Today’s IT security threat landscape is rapidly changing, and organisations everywhere are struggling to keep up with ever-determined hackers. More worrying is the sophistication of techniques used by modern cybercriminals to penetrate the network edge and wreak havoc – many of which are unknown to organisations, leading to glaring security holes that they are often oblivious to.
We have watched many methods of attack evolve over the years, from phishing to spear phishing and so forth. There seems to be a constant drive to increase the probability of successful entry points by using more reliable, realistic tactics that dupe unsuspecting network users into becoming a weak link.
But, as we generally become more IT security savvy – and most of us can spot a bogus phishing attempt from a mile away – how are attackers identifying and exploiting the potential entry points that enable them to deliver a malicious payload?
An interesting tactic is the use of marketing and tracking information to gather as much detail on potential targets as possible. These tools are known to users, and the majority have accepted that there will be some level of information-gathering during each browsing session – but this is on the assumption that it would lead to more targeted marketing campaigns and nothing more.
While this type of traffic may first appear to be harmless, an astute hacker can quickly and easily leverage the information to facilitate a high-probability attack vector.
Whenever a user surfs the internet, tools used by marketing and ad-tracking services identify various traffic patterns – if you checked a Gmail account, ordered stationery for the office or indulged in some personal online shopping, perhaps. This is somewhat moot as a standalone activity, but when you look deeper, it is enabling a third party to see exactly what types of traffic an organisation lets out – whether that be a marketer or a cybercriminal.
This activity could provide a potential hacker with a map of what your egress policies are as an organisation, and in doing so, expose the external attack surface of your organisation – essentially which windows you’ve left cracked open or which doors you’ve left ajar.
The method goes a step further in that it also shows the attacker which sites are getting high use from the organisation. Armed with this valuable information, would-be attackers can quickly rank which sites would be most lucrative to target, and then lay a trap for unsuspecting users visiting those sites. The probability of success is significantly higher given that traffic is allowed to regularly go to the site.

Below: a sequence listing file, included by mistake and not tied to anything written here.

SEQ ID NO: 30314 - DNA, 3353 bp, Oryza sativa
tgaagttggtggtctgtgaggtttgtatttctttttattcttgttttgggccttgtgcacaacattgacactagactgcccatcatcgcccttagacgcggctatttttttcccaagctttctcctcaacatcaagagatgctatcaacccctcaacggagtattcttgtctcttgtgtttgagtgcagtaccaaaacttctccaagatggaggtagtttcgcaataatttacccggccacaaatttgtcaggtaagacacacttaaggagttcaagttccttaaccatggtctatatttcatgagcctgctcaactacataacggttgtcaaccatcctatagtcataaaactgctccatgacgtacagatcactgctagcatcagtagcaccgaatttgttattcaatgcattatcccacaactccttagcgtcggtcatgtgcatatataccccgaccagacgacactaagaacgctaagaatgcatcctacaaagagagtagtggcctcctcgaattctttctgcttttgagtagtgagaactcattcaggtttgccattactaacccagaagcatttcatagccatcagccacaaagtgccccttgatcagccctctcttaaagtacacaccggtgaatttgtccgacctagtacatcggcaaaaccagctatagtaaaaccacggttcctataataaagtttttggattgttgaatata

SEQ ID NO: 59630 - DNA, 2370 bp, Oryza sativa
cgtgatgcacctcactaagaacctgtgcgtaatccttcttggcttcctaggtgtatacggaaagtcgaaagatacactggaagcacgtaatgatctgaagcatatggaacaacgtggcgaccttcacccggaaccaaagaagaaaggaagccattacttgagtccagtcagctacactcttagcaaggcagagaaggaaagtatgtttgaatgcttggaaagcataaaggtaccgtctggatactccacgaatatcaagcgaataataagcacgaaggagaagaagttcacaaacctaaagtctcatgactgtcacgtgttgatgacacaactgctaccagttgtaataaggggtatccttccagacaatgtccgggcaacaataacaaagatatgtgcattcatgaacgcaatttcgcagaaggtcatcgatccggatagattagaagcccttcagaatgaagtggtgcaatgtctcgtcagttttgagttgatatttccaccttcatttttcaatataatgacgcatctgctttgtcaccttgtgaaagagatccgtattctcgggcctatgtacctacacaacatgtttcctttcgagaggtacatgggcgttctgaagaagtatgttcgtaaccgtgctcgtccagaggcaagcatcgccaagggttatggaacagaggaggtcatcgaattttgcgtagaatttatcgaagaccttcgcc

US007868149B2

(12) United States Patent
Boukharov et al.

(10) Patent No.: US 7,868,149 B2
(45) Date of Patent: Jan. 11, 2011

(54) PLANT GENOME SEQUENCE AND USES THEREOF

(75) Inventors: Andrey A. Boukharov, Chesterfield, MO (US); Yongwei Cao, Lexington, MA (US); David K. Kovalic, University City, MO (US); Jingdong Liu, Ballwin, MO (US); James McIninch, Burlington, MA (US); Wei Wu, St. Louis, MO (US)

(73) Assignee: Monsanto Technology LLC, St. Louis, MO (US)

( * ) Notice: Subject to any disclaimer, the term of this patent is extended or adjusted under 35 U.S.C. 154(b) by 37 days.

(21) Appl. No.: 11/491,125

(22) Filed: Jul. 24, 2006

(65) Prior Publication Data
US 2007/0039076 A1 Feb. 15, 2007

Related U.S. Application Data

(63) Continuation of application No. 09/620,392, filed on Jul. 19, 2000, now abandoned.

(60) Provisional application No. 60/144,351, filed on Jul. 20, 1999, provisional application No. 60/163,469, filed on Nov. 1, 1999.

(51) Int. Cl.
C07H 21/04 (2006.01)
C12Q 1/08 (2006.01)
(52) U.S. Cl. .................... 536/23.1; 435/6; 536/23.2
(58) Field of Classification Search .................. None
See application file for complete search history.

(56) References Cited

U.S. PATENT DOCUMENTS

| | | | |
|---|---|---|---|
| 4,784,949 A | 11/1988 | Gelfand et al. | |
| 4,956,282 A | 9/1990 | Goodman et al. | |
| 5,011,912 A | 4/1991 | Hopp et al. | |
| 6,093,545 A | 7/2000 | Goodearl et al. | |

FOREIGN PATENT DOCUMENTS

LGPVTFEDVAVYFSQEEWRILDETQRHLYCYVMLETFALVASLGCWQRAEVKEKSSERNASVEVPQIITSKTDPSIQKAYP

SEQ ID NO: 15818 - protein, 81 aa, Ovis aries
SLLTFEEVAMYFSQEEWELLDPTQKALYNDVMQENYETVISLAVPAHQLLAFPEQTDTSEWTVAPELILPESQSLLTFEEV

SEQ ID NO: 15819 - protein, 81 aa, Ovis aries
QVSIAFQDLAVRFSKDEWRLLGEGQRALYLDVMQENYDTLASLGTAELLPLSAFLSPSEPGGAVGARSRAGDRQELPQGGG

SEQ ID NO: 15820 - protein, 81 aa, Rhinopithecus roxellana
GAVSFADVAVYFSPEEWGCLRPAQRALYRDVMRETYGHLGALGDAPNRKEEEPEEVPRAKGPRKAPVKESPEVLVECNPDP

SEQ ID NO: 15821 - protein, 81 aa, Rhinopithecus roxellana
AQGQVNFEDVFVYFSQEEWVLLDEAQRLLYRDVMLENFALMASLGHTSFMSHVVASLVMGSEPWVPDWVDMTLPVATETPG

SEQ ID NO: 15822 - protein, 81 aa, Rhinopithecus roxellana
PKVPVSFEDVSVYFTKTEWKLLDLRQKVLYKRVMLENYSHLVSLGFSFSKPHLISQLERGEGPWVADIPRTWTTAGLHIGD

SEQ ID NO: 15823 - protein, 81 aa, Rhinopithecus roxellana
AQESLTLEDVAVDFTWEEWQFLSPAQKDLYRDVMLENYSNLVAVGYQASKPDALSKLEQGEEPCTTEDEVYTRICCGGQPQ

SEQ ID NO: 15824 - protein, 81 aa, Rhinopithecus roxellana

Once this discovery is complete, attackers can strategically place malware on those frequently-visited sites and once a user visits, it can quickly become a stepping stone to a full-blown espionage attack on the target organisation.
Obviously, I am not saying that the only solution is to impose a somewhat Draconian ban on all web browsing for all employees, but as malicious attacks continue to develop in complexity and scope, it is very important that organisations take certain steps to combat the growing threat.
As a first port of call, they absolutely need to get better visibility into the tracking activities described above, and evaluate the risks of these themselves. By doing this, companies can better assess how much egress mapping is externally visible, and how much is fed to questionable tracking services.
Once this is established, organisations should look for traffic flowing to known botnet and “command-and-control” networks, in order to identify potential attack points or areas that have already been compromised. Finally, implementing methods to track data payloads in and out of the organisation, along with advanced malware detection and heuristics, can protect against both inbound malware execution and data exfiltration.
Data has become a valuable currency, and it is critical to protect it at all times. In the instance of ‘watering hole’ attacks such as this, it is important to take time to understand how seemingly innocent data and usage tracking can be leveraged for darker means and be used against your organisation.
The frenzy around “intelligence” has led to an environment where the user no longer even needs to click on anything in their browser to have the network discovered – these days, automated tracking services kick in as soon as employees venture out onto the internet and visit a site. Given this, it would seem prudent to know how much tracking is going on and who this information is being fed to.